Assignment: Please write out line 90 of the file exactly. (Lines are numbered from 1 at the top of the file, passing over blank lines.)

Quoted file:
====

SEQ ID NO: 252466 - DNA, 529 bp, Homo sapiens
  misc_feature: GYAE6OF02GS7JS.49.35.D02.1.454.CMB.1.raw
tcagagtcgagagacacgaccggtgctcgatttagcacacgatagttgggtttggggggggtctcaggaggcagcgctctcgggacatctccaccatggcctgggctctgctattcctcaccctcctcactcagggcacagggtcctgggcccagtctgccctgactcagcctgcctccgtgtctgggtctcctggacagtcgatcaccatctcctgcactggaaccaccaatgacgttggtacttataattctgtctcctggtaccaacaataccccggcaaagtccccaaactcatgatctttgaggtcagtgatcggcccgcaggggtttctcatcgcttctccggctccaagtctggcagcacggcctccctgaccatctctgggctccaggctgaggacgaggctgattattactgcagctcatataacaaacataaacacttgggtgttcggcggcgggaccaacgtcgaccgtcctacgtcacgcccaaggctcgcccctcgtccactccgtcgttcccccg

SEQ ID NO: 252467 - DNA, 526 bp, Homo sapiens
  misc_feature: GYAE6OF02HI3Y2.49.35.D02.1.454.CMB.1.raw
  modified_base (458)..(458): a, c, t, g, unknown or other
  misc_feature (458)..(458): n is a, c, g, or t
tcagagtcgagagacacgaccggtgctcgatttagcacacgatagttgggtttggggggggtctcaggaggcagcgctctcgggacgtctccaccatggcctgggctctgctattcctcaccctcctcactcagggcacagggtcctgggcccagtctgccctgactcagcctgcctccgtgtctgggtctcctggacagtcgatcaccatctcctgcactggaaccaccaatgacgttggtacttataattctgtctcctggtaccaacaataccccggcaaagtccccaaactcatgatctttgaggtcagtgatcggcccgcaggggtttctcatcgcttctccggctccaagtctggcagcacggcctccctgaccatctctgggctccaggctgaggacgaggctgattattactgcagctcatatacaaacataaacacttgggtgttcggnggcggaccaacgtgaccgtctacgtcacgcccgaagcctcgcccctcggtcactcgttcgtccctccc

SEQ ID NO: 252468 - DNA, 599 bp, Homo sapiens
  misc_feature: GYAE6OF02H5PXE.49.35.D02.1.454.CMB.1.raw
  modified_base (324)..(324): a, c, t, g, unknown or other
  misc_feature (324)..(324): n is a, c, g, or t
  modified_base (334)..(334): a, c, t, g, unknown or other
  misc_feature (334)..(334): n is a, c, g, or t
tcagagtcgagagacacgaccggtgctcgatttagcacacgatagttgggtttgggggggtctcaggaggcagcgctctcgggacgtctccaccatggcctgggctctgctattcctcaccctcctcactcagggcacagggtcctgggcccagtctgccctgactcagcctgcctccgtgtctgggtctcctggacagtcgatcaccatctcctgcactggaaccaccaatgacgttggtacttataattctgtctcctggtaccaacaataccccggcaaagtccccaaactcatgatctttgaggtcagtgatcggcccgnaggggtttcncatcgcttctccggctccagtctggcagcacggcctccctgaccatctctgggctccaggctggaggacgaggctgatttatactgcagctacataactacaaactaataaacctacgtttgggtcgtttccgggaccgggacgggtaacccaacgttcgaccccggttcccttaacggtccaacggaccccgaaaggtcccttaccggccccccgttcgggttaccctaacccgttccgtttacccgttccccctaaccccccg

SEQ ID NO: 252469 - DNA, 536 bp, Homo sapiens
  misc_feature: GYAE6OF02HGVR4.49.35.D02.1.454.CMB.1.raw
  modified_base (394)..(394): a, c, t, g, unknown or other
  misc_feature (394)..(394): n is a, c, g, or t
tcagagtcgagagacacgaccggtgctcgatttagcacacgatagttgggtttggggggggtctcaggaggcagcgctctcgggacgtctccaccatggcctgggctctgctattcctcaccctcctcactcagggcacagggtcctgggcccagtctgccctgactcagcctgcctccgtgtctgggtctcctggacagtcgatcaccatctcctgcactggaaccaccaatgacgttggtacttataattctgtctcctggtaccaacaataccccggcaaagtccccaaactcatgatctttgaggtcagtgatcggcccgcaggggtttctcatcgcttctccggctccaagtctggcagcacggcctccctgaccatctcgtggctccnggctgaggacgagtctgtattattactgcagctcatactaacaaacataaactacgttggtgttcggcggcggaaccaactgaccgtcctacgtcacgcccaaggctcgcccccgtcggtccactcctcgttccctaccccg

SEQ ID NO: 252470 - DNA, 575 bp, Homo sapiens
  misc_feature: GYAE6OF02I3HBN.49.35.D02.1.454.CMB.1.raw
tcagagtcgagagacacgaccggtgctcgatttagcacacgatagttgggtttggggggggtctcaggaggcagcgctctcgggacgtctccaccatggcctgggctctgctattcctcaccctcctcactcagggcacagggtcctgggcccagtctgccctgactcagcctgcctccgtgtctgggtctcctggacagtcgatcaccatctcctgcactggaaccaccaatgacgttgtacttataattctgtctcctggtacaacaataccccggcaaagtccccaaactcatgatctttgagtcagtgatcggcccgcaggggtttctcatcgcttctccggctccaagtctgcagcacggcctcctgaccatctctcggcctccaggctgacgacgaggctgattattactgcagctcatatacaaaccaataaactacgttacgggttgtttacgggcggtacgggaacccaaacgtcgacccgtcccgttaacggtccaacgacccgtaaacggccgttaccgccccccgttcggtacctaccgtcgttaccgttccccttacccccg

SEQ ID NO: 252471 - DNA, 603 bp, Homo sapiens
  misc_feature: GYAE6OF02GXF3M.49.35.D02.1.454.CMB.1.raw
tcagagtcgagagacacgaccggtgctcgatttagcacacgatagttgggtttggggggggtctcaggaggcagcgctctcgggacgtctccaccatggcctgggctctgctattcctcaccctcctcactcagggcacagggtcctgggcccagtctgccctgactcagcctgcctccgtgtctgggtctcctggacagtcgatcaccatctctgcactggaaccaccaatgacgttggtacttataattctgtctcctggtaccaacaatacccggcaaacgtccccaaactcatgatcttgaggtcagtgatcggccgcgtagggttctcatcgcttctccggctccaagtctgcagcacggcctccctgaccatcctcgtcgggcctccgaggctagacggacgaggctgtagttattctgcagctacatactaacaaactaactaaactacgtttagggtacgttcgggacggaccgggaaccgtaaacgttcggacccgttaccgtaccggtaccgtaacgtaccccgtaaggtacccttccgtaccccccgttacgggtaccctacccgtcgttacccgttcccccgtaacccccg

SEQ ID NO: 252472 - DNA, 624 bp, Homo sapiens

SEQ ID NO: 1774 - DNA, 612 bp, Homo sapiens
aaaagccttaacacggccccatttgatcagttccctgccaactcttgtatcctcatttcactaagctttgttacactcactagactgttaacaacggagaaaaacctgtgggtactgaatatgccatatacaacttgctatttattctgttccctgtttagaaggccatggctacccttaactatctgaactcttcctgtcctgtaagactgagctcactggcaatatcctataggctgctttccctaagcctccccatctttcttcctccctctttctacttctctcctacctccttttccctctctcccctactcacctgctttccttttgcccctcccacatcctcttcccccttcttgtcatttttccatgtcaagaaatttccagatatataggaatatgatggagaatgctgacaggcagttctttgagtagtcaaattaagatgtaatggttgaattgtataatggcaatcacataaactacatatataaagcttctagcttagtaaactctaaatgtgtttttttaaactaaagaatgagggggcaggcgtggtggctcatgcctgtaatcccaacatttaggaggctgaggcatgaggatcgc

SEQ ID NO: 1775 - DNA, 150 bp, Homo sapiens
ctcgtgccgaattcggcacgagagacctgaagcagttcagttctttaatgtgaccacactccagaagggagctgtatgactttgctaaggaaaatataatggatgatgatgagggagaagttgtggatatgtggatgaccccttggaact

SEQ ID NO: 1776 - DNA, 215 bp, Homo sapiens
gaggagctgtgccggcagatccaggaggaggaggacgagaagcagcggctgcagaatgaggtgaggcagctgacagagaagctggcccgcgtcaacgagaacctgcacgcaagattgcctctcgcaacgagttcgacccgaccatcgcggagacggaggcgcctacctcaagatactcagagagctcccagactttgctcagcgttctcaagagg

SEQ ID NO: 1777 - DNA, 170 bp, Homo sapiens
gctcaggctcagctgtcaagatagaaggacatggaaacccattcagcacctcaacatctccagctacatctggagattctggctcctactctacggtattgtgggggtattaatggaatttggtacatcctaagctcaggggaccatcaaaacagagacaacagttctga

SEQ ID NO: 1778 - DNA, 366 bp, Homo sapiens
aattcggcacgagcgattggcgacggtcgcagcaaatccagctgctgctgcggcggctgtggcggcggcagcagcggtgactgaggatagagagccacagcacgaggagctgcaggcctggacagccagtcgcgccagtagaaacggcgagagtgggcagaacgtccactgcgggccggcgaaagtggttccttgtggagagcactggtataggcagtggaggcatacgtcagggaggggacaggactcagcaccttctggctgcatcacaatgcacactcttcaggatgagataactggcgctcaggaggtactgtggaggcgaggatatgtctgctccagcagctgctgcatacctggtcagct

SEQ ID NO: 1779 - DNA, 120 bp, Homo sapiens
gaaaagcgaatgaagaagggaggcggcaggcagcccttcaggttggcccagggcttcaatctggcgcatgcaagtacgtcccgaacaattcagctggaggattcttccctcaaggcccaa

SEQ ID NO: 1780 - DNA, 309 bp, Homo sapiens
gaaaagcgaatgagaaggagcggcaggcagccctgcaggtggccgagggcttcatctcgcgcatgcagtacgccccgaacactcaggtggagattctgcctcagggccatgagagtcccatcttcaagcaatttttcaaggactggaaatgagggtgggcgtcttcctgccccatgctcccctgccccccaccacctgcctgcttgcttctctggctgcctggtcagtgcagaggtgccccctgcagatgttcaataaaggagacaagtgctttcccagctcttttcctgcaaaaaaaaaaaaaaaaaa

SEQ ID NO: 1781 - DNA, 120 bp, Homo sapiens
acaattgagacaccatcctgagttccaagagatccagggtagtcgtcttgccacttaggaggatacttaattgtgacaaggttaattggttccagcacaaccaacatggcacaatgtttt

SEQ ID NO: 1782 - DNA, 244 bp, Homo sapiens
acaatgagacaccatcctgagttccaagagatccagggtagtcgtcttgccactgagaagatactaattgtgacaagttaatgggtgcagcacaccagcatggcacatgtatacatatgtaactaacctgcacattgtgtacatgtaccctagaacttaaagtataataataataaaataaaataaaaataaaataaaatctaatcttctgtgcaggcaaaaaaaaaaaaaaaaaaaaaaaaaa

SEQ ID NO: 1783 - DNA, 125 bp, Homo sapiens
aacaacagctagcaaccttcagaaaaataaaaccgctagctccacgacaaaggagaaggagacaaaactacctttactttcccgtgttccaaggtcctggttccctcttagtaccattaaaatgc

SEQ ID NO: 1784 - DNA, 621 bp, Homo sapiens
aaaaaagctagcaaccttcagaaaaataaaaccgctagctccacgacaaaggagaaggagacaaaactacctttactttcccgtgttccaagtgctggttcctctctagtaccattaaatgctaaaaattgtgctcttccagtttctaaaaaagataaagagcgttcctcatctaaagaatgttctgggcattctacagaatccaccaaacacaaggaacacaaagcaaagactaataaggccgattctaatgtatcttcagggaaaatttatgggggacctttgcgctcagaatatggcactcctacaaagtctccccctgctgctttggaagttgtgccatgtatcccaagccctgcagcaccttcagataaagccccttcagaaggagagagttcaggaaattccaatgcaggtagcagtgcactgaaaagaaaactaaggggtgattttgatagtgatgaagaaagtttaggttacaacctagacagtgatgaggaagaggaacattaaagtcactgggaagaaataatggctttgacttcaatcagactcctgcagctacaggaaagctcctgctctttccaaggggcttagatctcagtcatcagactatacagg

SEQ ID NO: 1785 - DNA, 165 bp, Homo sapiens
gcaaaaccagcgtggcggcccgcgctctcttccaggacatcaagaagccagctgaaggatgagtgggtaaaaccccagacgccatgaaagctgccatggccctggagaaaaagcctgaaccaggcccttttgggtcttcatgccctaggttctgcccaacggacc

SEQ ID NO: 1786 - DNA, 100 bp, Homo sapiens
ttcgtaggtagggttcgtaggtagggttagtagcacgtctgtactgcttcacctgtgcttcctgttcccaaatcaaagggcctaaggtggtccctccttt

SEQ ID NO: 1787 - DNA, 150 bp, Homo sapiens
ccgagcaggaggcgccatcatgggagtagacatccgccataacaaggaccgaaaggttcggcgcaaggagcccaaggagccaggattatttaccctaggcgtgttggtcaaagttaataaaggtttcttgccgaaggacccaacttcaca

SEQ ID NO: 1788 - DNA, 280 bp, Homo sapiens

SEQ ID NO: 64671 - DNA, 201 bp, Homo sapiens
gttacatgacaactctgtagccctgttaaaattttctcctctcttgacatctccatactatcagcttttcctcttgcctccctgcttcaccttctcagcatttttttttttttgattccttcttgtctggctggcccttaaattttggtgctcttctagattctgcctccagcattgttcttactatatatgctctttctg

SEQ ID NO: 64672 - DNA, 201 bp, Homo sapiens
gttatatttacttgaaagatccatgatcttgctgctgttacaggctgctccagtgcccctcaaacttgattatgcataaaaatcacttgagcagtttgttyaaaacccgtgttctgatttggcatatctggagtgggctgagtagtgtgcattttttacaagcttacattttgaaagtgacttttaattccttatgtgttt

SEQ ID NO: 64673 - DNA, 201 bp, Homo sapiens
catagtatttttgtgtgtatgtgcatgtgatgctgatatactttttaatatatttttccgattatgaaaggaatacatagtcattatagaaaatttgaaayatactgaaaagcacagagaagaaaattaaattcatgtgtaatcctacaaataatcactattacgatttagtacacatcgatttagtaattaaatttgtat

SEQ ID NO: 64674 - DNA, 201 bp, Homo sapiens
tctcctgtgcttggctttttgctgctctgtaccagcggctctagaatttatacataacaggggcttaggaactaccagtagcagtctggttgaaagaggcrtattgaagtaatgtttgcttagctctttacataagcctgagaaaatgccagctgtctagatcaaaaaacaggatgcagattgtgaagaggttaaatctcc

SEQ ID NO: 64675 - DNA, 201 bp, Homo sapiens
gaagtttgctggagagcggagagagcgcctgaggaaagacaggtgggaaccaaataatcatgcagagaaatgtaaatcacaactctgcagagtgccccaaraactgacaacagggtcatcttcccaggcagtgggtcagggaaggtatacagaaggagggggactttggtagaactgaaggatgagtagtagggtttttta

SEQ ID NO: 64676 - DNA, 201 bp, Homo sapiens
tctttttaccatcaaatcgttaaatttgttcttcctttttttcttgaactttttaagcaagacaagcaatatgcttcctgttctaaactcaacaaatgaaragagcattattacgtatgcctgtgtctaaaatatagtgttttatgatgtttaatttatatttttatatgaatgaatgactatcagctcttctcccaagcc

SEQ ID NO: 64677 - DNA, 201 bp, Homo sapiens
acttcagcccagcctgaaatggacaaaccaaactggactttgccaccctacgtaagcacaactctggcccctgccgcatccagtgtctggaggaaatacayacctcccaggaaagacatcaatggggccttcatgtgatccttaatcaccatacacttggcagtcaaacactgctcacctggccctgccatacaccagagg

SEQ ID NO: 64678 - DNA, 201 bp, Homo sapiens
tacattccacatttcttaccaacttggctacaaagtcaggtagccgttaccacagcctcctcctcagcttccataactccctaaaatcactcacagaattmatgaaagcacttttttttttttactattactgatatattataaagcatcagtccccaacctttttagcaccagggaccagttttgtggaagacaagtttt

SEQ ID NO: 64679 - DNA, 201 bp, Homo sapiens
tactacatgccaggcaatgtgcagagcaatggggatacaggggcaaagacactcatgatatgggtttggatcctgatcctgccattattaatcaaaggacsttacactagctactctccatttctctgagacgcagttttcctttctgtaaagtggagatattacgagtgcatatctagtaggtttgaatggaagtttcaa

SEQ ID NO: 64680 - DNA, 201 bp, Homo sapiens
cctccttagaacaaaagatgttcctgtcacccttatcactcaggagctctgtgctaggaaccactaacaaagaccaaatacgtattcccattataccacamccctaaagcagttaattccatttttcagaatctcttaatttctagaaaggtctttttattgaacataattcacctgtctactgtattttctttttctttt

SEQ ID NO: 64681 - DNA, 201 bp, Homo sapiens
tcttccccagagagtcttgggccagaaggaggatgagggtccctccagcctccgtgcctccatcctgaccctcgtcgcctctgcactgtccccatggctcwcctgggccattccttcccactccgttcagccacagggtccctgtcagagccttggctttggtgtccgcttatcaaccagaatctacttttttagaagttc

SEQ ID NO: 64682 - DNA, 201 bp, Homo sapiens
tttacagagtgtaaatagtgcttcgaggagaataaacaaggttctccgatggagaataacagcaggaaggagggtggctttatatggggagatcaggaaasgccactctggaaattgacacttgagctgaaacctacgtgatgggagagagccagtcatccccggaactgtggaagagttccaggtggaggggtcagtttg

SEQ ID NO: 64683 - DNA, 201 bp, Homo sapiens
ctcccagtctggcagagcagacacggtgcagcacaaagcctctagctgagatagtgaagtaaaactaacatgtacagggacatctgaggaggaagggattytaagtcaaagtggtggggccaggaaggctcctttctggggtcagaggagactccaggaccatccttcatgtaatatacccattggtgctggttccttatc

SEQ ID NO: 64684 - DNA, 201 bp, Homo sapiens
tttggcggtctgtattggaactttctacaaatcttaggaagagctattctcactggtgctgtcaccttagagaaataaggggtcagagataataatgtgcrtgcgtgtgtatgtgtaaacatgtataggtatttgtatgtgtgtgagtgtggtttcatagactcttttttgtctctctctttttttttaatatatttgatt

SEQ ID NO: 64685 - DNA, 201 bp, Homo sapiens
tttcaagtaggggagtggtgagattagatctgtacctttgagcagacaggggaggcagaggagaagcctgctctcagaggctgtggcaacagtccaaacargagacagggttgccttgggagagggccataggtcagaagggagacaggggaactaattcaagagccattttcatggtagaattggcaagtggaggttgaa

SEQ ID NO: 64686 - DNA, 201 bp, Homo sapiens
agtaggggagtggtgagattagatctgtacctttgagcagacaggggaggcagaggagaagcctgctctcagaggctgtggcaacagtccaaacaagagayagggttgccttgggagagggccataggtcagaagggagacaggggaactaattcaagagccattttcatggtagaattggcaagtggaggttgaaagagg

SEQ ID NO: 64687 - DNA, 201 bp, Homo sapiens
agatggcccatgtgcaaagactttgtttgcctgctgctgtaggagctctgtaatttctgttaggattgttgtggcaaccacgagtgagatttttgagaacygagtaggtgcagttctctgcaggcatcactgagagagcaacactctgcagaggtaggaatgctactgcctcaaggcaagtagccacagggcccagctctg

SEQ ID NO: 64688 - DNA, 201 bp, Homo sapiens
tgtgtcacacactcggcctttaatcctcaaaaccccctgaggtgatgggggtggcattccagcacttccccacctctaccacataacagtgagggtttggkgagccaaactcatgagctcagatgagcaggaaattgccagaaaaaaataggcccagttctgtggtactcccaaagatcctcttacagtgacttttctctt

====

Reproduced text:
agatggcccatgtgcaaagactttgtttgcctgctgctgtaggagctctgtaatttctgttaggattgttgtggcaaccacgagtgagatttttgagaacygagtaggtgcagttctctgcaggcatcactgagagagcaacactctgcagaggtaggaatgctactgcctcaaggcaagtagccacagggcccagctctg